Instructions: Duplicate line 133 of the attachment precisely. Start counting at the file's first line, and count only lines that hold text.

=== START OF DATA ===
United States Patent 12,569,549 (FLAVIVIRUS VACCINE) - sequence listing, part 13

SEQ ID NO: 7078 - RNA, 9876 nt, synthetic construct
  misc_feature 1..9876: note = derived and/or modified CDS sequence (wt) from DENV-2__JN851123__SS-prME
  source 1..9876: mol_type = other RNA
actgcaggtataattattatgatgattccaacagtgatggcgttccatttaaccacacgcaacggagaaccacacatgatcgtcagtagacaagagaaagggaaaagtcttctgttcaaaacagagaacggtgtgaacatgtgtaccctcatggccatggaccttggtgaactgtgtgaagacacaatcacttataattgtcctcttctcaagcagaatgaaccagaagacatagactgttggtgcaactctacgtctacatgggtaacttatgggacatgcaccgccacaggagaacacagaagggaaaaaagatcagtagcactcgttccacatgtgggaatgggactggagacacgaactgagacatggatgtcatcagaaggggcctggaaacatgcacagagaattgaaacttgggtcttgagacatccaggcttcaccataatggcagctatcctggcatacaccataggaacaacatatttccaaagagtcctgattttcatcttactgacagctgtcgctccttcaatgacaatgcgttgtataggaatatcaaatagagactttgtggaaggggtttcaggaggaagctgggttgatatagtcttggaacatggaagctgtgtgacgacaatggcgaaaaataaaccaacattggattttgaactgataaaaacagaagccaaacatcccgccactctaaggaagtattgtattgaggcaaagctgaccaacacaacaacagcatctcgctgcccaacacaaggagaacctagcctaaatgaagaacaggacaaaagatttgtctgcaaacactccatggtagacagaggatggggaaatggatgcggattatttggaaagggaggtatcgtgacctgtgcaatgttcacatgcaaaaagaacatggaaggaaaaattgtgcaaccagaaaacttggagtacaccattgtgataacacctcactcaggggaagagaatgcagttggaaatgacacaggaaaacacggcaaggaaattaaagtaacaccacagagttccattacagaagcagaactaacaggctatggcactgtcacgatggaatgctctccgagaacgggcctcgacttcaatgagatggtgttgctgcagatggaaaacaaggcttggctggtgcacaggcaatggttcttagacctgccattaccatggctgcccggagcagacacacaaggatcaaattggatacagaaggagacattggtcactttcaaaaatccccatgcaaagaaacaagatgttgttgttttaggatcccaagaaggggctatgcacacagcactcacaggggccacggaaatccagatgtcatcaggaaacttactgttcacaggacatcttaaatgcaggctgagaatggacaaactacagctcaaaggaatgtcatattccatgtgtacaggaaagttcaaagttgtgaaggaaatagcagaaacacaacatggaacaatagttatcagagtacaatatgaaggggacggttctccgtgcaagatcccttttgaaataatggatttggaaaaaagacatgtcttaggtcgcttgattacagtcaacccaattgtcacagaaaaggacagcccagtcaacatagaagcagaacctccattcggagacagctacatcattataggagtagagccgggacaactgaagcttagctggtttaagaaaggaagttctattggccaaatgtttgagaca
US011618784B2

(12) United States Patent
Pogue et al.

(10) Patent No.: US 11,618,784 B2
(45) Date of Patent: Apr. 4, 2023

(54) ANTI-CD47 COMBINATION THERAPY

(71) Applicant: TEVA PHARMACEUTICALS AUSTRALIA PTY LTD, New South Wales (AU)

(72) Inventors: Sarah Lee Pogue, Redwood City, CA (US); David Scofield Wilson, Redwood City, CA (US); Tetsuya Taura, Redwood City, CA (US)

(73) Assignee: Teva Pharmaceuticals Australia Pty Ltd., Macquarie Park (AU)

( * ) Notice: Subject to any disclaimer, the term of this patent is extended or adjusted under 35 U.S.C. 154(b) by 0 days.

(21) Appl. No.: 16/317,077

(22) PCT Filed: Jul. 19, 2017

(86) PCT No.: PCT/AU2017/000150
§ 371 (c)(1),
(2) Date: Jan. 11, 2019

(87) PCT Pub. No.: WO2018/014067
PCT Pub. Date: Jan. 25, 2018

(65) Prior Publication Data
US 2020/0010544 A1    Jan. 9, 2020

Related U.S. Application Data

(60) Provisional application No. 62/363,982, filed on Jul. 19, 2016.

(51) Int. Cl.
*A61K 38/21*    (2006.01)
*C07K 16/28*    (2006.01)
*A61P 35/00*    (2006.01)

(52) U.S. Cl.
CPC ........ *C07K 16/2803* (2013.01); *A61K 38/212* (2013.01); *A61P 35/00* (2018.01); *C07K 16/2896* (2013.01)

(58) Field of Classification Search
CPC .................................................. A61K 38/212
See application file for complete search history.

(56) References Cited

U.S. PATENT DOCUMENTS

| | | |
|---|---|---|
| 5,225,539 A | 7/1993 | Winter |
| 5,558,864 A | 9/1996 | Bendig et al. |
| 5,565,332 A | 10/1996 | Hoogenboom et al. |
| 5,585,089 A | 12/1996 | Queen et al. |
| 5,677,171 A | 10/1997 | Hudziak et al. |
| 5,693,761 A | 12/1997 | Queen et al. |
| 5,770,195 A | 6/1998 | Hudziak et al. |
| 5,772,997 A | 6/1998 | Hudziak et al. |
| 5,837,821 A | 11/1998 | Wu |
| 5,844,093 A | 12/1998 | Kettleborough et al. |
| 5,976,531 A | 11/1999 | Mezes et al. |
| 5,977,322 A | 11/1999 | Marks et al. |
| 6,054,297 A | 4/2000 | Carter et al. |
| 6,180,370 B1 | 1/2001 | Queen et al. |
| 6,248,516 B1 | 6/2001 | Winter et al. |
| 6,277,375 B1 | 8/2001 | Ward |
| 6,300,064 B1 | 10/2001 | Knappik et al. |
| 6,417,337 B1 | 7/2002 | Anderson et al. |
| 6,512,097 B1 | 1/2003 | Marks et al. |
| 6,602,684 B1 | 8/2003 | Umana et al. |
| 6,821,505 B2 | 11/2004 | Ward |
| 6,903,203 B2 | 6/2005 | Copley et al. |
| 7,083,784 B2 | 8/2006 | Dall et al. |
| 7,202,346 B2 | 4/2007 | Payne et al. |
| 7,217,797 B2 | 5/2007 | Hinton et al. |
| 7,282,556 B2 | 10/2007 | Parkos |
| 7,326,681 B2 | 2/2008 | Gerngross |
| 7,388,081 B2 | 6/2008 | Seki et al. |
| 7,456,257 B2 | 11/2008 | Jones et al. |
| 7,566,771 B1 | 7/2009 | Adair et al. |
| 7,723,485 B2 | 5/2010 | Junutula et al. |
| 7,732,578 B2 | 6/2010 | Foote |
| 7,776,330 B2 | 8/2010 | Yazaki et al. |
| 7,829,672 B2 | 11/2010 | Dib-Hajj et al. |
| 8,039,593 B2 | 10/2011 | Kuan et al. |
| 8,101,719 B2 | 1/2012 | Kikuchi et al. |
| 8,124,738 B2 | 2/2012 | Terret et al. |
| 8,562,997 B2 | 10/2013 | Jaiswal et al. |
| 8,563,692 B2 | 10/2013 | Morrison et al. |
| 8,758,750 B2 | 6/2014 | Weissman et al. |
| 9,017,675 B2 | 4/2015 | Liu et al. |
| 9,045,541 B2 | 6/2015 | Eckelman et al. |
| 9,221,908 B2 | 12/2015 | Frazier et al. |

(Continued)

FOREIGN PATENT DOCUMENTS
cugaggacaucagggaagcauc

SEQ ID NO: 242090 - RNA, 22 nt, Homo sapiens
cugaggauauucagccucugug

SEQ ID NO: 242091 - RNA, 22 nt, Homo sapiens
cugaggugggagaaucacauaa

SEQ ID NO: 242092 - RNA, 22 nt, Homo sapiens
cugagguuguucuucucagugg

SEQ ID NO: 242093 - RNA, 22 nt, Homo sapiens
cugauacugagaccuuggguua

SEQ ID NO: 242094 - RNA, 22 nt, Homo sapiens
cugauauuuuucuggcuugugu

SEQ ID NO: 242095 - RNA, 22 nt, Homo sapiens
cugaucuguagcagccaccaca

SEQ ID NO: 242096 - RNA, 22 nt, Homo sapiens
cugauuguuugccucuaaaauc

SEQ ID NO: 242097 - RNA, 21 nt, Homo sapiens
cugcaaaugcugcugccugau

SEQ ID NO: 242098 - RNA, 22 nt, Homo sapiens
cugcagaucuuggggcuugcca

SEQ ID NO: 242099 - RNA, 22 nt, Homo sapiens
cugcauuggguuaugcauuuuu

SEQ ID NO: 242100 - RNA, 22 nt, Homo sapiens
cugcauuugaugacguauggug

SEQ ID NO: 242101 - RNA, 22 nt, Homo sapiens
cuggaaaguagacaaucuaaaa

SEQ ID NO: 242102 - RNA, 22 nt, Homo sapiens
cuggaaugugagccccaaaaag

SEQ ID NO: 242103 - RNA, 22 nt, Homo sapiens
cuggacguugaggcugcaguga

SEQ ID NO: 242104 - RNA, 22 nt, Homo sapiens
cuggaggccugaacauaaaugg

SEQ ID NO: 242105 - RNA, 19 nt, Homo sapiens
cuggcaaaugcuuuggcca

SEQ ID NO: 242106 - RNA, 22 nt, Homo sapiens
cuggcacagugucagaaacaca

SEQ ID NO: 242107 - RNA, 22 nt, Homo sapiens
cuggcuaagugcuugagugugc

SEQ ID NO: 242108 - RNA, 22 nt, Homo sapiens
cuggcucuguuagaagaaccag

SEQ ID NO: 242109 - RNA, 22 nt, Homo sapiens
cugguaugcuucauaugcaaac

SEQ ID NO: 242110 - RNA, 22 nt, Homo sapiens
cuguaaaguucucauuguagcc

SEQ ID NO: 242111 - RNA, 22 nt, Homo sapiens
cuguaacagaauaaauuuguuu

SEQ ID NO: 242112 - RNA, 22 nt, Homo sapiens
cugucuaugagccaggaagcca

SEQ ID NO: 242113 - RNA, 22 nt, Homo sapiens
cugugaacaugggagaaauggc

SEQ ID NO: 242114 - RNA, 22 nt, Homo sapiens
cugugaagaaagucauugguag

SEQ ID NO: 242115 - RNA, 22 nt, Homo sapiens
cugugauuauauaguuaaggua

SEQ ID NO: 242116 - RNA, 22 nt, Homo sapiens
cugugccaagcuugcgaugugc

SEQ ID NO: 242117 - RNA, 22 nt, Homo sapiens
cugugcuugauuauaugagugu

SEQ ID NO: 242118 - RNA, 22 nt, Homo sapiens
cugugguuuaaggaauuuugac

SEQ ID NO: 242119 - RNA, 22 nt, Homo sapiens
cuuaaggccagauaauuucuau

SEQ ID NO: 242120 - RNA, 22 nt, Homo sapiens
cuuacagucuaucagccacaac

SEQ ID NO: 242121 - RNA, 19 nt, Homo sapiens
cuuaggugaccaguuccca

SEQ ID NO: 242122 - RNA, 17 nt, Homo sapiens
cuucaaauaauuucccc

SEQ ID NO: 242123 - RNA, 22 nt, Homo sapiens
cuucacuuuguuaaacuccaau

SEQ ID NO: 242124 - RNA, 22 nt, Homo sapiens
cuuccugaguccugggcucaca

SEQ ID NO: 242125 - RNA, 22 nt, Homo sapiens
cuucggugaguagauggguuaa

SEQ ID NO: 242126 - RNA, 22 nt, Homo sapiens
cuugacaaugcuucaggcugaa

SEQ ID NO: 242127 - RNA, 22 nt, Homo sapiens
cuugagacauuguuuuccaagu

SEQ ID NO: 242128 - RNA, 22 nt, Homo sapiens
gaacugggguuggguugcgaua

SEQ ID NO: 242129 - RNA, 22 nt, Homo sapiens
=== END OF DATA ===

cugugaacaugggagaaauggc